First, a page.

°C

°C

Highest yielding

Lowest yielding

0

-0.2

-0.4

-0.6

-0.8

-1.0

0.8

0.6

0.4

0.2

0

-0.2

Anomalies °C

Anomalies °C

slide19

W m-2

-12 -10 -8 -6 -4 -2 0 2 4 6 8

Observed anomalies of latent heat flux (July)

Highest yielding

Lowest yielding

slide20

Methods

  • Use as predictors the spatial structure of the NOAA NCEP/NCAR reanalysis 200 hPa meridional winds and surface temperatures from July to September captured by principal components
  • Use as predictors the spatial structure of the NOAA NCEP/CPC CFS 200 hPa meridional winds and surface temperatures from July to September captured by principal components
  • Applied canonical correlation analysis and leave-one-out cross-validation to predict the interannual variability of cotton yields in the 48 counties
slide21

Observed

NCEP reanalysis-based

prediction (cross-validated)

NOAA NCEP/NCAR Reanalysis data

All-county average

Cotton lint yields (kg.ha-1)

R = 0.6873 **

years

32 counties **

15 counties *

1 county ns

** Significant at the 0.01 probability

* Significant at the 0.05 probability

slide22

How this can support a farmer?

  • External symptoms of hardlock of cotton appear just previous to the harvest when there is nothing to do
  • Farmers usually do not apply fungicides because they don’t see the effects and they try to reduce costs
  • To wait for observed July data from NOAA NCEP/NCAR reanalysis will help farmers in early August to know if they will have harvest losses in November. It doesn’t help a lot, does it?
  • But what if at least we can forecast July conditions later June – early July (CFS 0-1 month in advance)? Farmers will have the information to help them in the decision whether applying fungicides just when the attack is beginning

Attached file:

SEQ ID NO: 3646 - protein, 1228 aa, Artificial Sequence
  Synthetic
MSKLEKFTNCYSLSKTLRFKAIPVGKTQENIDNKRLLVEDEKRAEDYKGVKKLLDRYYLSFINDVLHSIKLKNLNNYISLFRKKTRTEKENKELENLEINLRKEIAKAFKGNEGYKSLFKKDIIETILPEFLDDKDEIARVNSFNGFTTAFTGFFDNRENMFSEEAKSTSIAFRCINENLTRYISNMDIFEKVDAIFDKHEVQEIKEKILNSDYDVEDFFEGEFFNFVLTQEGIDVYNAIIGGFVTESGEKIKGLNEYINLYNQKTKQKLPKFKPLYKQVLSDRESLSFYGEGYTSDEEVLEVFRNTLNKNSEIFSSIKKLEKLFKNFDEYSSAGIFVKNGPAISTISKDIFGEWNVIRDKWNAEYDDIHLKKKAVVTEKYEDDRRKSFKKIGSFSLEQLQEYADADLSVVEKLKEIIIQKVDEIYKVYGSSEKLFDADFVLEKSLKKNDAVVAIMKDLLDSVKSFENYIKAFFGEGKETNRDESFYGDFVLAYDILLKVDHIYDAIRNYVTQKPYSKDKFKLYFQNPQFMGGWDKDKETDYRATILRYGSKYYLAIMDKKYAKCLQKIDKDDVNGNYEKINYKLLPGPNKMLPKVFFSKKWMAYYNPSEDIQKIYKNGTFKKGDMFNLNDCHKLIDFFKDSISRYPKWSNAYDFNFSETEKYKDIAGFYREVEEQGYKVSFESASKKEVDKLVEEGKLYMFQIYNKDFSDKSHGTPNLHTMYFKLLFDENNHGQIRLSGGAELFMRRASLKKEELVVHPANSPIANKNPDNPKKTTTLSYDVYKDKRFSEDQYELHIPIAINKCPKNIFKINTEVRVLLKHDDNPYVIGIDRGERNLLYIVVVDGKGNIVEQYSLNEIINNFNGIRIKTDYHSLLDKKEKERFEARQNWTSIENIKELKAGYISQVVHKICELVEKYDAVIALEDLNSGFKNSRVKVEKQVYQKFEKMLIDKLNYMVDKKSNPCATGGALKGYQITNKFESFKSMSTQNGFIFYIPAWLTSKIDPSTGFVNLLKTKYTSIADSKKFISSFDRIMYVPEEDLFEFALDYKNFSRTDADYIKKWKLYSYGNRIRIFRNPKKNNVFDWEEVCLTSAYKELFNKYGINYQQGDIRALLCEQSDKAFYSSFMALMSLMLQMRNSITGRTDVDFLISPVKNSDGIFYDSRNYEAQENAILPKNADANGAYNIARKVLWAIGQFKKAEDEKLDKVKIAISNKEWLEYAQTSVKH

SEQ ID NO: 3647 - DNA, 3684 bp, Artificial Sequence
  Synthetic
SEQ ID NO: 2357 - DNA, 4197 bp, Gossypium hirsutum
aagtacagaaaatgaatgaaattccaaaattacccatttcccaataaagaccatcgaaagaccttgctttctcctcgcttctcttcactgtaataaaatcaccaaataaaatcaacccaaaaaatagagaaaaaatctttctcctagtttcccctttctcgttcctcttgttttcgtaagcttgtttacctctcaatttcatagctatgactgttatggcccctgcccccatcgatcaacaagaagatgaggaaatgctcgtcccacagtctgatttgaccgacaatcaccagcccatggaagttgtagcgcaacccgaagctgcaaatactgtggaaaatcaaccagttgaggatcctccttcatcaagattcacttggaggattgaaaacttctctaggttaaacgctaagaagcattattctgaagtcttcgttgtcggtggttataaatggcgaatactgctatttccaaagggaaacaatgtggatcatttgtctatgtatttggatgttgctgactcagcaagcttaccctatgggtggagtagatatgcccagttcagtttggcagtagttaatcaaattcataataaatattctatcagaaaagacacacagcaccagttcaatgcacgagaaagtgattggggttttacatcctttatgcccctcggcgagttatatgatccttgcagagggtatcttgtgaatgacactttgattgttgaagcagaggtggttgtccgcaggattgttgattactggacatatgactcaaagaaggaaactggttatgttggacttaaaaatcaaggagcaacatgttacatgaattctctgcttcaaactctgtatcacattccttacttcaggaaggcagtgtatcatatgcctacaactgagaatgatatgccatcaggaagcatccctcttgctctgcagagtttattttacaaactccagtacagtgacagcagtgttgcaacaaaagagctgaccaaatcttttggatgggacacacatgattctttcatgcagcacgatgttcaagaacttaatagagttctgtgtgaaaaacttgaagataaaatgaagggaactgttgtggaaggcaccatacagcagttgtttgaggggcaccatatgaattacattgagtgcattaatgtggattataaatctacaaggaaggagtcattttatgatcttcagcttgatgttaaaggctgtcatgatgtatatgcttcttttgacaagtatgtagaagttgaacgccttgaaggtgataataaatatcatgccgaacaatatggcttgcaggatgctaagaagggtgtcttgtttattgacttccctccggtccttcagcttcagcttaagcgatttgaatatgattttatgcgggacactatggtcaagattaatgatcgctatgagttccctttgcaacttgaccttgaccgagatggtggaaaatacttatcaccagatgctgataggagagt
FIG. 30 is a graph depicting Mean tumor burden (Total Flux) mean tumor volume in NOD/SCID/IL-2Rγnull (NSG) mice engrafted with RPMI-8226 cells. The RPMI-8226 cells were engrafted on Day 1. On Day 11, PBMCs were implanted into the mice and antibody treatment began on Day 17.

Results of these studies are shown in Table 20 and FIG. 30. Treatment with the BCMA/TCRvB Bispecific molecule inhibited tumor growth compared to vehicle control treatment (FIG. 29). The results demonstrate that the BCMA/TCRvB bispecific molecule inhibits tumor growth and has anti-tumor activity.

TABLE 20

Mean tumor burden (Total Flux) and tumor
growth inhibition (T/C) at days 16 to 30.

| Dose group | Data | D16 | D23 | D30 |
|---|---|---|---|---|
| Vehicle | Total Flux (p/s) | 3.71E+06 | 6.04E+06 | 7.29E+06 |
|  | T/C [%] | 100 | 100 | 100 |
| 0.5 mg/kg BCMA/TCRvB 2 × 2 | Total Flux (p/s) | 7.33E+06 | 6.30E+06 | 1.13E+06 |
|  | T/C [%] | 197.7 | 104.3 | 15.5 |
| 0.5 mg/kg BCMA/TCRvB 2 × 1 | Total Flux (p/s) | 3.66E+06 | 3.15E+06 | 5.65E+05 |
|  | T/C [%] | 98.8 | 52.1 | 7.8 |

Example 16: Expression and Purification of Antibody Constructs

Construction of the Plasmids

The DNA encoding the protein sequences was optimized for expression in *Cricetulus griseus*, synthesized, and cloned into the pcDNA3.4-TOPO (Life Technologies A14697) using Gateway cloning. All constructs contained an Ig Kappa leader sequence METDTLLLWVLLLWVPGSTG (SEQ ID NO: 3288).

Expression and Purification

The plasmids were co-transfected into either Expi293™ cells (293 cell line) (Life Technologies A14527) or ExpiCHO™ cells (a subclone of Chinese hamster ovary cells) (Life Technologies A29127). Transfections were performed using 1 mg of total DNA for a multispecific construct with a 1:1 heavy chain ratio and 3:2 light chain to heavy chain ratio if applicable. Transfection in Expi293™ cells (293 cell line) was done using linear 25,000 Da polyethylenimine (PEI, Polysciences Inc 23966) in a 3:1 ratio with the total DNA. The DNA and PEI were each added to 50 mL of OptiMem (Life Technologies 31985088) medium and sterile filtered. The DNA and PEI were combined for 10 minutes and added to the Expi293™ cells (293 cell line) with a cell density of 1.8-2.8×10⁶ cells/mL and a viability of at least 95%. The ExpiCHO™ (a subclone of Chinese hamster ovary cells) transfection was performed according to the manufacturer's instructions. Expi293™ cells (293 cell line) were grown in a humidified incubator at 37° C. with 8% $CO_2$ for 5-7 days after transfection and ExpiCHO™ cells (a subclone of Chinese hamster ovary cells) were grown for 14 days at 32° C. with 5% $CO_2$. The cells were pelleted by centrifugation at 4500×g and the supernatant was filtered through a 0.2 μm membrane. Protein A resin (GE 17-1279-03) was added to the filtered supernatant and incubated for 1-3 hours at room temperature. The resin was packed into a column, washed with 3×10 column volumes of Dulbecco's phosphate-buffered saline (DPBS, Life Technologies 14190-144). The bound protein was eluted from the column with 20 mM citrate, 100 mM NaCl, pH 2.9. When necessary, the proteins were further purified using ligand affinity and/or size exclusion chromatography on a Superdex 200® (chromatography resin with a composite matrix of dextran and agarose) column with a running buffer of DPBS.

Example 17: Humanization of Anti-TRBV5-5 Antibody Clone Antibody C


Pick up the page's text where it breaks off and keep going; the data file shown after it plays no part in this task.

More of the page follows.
slide23

500 hPa height anomalies during thehighest yielding years

July

Observed Climatology of 500 hPa height

500 hPa height anomalies during the

lowest yielding years

slide24

PC of observed Z500 (NOAA NCEP/NCAR reanalysis)

PC of observed cotton yields

Canonical correlation

July

R = 0.9494

slide25

ENSO-based forecast

Correlation ranges

p< 0.00

r0.00 – 0.25

t0.25 – 0.50

v0.50 – 0.75

x0.75 – 1.00

no significant (based on 500 bootstrap samples, confidence level of 95%)

NCEP Reanalysis-basedprediction

(Cross-validated)

slide26

Observed

NCEP reanalysis-based

prediction (cross-validated)

ENSO-based hindcasted

All-county average

RObs= 0.8744**

RENSO= 0.2031ns

Best estimated county

Bleckley - Georgia

Cotton lint yields (kg.ha-1)

RObs= 0.8858**

RENSO= - 0.2248ns

Worst estimated county

Mitchell - Georgia

RObs= 0.6690**

RENSO= 0.0979ns

** Significant at the 0.01 probability

* Significant at the 0.05 probability

Years

slide27

PC of CFS’s hindcasted circulation

PC of observed cotton yields

Canonical correlation

July

R = 0.7876

slide28

ENSO-based forecast

Correlation ranges

p< 0.00

r0.00 – 0.25

t0.25 – 0.50

v0.50 – 0.75

x0.75 – 1.00

no significant (based on 500 bootstrap samples, confidence level of 95%)

CFS-based forecast

(Cross-validated)

slide29

Observed

CFS-based hindcasted

(cross-validated)

ENSO-based hindcasted

All-county average

RCFS= 0.7507**

RENSO= 0.2031ns

Best estimated county

Terrell - Georgia

Cotton lint yields (kg.ha-1)

RCFS= 0.7879 **

RENSO= - 0.2745ns

Worst estimated county

Madison - Alabama

RCFS= 0.4459 *

RENSO= 0.2436ns

** Significant at the 0.01 probability

* Significant at the 0.05 probability

Years

slide30

Conclusions

  • Based on the previous almost total lack of predictability skills in the region during summertime, the method increased the probabilities to forecast cotton yields beyond the chances in up to 67%.
  • Specific atmospheric circulation patterns that favor higher humidity, temperatures and rainfall during summertime caused a tendency to lower cotton yields, which is consistent with boll abortion and higher than normal incidence of diseases during flowering and harvest.
  • In the case of predicting cotton yield, the dual effect of water during anthesis and boll maturity creates important challenges wherea multi-disciplinarily approach is the only way to tackle the issue.
slide31

Conclusions

  • It is necessary to go further in to investigate the physical relationship between the circulation patterns and the regional conditions where cotton are growing during summertime in the SE-USA.
  • It is necessary to analyze CFS’s forecasts made with more than one month in advance in order to assess the predictability levels with more time in advance.